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7th Circuit reverses in girls' basketball discrimination complaint

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The 7th Circuit Court of Appeals issued an opinion Tuesday stating it believes the appellants in a discrimination claim have presented a genuine question of fact that merits further review.

In Amber Parker, et. al., v. Franklin Community School Corporation, et. al., No. 10-3595, Amber Parker – a former varsity girls’ basketball coach at Franklin County High School – filed the complaint against 14 Indiana public school corporations. Parker, whose daughter played on the Franklin team, claimed that the practice of holding boys’ games primarily on weekends and girls’ games primarily on weeknights was discriminatory.

During the 2009-2010 season, nearly 95 percent of the Franklin boys’ varsity games were played during “primetime” – nights that do not precede school days. In that same season, only 53 percent of girls’ games occurred during primetime. Parker’s complaint stated that because girls’ teams are relegated to weeknight play, the players have trouble keeping up with homework obligations, are less likely to have fan support, and generally feel that their accomplishments are less important than the boys’ teams.

The 7th Circuit agreed that Parker’s complaint may be actionable under Title IX of the Education Requirements of 1972, 20 U.S.C. Section 1681(a). It therefore vacated the entry of summary judgment in favor of the defendants that had been issued by the U.S. District Court, Southern District of Indiana, Indianapolis Division. It further vacated the District Court’s dismissal of the plaintiffs’ equal protection claim pursuant to 42 U.S.C. Section 1983, on the basis of sovereign immunity, and remanded for proceedings consistent with its opinion.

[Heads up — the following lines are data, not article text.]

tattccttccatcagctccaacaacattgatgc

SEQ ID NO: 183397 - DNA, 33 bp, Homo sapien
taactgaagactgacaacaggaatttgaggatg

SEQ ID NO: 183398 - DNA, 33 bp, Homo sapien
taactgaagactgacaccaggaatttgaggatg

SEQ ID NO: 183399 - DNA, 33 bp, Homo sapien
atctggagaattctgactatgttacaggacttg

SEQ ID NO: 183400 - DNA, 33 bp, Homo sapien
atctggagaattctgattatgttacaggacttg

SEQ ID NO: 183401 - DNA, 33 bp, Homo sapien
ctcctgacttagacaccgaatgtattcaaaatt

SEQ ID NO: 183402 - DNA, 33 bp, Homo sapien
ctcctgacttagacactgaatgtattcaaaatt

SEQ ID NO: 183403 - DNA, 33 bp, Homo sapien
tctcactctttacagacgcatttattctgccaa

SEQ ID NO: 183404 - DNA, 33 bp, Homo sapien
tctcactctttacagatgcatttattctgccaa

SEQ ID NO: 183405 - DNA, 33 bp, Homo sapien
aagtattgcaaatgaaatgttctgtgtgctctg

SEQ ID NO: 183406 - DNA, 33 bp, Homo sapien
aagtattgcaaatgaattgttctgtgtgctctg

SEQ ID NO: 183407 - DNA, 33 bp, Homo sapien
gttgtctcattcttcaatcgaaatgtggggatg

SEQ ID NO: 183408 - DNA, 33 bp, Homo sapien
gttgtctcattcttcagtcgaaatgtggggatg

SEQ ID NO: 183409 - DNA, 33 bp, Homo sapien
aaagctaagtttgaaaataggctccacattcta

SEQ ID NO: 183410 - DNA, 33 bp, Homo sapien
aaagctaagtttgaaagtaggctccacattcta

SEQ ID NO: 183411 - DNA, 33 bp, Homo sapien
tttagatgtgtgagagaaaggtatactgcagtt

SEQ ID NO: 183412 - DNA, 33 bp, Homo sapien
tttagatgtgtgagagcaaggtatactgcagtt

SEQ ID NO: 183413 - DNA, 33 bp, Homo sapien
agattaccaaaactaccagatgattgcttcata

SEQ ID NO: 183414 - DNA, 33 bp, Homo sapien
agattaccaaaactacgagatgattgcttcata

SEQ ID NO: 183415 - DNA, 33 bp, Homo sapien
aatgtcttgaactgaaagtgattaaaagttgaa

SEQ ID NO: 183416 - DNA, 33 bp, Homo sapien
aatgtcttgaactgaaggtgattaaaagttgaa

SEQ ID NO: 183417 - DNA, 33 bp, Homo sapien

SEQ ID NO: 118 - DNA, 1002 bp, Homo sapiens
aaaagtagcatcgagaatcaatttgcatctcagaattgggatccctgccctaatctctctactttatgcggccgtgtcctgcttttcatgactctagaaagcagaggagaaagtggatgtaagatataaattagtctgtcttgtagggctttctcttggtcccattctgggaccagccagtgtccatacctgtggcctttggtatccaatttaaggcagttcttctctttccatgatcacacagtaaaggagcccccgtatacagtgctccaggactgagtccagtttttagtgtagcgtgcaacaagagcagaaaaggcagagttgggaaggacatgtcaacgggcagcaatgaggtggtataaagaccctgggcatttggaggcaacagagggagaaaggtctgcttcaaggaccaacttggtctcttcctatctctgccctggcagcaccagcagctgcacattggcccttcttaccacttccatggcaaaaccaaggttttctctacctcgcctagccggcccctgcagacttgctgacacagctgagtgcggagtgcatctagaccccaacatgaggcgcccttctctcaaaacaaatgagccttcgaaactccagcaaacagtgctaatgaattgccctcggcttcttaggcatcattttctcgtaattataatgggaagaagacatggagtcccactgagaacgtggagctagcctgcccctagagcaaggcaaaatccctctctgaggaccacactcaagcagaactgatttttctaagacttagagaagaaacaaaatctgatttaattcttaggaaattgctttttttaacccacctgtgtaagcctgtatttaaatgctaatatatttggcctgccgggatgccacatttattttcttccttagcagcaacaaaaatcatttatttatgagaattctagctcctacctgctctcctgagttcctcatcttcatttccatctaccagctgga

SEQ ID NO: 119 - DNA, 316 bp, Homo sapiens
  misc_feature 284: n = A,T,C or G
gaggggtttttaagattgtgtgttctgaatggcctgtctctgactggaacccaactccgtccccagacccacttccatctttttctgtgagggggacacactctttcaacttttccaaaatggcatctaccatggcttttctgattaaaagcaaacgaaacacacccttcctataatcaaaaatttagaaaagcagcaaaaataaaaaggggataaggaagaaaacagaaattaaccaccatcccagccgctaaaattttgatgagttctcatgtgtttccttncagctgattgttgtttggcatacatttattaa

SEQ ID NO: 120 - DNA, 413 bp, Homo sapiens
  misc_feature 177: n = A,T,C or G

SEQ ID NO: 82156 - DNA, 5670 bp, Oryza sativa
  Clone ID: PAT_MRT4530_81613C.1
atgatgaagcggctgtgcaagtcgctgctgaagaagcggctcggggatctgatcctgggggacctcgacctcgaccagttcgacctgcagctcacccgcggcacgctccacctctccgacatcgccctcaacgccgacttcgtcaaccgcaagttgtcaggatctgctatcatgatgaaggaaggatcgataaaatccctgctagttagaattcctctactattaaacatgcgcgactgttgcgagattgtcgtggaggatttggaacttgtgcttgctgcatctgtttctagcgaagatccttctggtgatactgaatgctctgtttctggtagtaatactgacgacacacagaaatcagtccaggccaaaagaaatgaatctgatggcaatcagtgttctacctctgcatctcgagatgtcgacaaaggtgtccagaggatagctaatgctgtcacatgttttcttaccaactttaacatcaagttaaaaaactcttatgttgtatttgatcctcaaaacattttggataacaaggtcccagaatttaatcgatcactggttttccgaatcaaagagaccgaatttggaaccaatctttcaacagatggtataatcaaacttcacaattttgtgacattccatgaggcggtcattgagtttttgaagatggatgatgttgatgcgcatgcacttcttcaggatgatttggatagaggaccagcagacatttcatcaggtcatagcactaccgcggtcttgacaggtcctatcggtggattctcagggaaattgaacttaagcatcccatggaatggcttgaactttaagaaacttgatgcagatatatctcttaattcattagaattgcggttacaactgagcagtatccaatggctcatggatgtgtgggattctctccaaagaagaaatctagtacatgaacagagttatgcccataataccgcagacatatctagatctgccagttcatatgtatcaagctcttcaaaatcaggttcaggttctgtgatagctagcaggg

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  1. It is amazing how selectively courts can read cases and how two very similar factpatterns can result in quite different renderings. I cited this very same argument in Brown v. Bowman, lost. I guess it is panel, panel, panel when one is on appeal. Sad thing is, I had Sykes. Same argument, she went the opposite. Her Rooker-Feldman jurisprudence is now decidedly unintelligible.

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